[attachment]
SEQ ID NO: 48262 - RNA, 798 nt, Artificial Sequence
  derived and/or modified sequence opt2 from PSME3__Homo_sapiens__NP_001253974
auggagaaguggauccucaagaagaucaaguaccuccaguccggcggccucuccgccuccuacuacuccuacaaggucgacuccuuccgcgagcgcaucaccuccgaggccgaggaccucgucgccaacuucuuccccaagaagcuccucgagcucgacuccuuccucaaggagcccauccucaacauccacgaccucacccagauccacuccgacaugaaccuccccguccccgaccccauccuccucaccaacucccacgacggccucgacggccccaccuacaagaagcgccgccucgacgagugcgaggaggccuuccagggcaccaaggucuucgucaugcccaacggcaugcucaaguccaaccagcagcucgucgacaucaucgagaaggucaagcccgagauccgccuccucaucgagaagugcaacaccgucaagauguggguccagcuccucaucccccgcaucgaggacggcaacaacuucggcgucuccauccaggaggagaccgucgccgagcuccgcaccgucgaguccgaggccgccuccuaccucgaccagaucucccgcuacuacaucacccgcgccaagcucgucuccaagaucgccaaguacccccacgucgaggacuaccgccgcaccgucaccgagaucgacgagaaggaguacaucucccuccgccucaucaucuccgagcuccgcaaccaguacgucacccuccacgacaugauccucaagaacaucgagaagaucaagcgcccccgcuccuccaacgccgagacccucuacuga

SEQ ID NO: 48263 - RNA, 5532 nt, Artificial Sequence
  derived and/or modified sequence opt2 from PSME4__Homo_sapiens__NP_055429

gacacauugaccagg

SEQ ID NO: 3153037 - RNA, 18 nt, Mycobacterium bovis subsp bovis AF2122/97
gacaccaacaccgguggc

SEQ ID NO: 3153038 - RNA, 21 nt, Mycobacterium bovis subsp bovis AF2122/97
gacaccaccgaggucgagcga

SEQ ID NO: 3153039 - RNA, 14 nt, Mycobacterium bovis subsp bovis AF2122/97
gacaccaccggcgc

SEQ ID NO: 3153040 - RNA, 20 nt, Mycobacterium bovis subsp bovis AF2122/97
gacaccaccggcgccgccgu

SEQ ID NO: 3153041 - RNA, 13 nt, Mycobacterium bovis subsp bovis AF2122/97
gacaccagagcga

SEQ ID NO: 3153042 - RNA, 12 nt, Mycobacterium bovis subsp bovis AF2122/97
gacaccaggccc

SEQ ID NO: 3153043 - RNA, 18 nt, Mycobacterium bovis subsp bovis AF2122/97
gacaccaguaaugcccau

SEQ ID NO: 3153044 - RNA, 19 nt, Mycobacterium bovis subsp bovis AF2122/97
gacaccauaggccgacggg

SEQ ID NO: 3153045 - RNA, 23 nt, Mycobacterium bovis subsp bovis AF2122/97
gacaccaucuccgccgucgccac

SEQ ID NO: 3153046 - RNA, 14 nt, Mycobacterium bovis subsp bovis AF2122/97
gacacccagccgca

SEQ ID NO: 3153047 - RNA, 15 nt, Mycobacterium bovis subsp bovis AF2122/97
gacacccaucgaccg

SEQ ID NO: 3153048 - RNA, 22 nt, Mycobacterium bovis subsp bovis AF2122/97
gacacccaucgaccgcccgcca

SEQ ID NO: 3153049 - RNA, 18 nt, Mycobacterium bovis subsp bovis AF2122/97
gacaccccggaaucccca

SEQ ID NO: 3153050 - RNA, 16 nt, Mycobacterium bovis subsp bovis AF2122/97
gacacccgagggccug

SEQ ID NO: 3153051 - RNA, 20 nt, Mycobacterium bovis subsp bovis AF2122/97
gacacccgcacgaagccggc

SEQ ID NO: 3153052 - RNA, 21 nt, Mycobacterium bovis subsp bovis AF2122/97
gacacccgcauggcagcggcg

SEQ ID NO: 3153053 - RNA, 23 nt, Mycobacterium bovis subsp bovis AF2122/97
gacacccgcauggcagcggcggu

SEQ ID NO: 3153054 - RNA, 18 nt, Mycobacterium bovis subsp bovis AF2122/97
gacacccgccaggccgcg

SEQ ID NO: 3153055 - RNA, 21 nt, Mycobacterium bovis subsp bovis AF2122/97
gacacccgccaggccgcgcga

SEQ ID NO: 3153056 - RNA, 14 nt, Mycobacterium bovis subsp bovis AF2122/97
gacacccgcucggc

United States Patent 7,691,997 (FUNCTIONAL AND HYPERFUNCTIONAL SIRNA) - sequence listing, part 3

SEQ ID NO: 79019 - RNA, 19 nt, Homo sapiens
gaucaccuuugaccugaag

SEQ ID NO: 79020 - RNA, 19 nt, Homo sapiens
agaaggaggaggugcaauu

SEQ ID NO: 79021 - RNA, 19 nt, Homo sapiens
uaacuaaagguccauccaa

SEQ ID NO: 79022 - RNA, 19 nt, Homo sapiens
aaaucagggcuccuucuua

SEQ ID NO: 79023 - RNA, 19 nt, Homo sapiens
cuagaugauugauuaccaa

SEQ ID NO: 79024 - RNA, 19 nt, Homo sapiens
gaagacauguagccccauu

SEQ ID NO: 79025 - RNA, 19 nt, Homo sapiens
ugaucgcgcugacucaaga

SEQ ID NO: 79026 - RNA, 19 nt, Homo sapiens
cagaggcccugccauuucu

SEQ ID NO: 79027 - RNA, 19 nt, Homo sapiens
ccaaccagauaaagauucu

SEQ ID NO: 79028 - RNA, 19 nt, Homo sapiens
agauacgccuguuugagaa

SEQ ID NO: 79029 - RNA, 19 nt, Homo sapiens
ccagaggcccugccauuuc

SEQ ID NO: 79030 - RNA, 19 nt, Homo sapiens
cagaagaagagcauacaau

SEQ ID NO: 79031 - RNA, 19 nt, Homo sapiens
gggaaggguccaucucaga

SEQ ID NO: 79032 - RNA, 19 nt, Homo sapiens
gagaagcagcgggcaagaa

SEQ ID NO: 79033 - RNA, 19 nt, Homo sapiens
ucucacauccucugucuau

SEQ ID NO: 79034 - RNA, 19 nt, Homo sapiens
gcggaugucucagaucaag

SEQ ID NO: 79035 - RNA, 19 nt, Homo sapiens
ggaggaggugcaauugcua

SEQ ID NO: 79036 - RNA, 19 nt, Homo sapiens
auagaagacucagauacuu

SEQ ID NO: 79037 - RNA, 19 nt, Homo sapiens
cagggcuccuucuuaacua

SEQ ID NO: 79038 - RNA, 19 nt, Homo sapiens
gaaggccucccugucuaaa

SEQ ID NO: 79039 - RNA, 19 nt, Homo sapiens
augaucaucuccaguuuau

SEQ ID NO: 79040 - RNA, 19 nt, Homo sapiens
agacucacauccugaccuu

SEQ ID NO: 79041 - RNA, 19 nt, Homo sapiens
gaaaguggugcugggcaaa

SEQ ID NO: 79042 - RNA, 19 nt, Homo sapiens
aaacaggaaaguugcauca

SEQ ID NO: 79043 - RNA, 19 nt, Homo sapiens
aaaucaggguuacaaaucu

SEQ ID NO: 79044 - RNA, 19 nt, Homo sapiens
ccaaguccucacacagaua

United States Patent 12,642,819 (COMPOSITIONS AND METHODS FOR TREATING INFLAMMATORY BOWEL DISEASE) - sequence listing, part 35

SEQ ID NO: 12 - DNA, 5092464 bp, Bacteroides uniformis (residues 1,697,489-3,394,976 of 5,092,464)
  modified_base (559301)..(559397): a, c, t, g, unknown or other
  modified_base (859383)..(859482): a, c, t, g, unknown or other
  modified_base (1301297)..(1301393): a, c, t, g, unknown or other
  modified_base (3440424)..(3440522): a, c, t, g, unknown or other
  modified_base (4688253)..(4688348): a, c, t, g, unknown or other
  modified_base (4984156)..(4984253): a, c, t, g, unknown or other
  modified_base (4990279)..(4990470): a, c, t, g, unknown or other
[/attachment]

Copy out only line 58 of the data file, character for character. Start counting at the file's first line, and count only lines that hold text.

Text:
SEQ ID NO: 79024 - RNA, 19 nt, Homo sapiens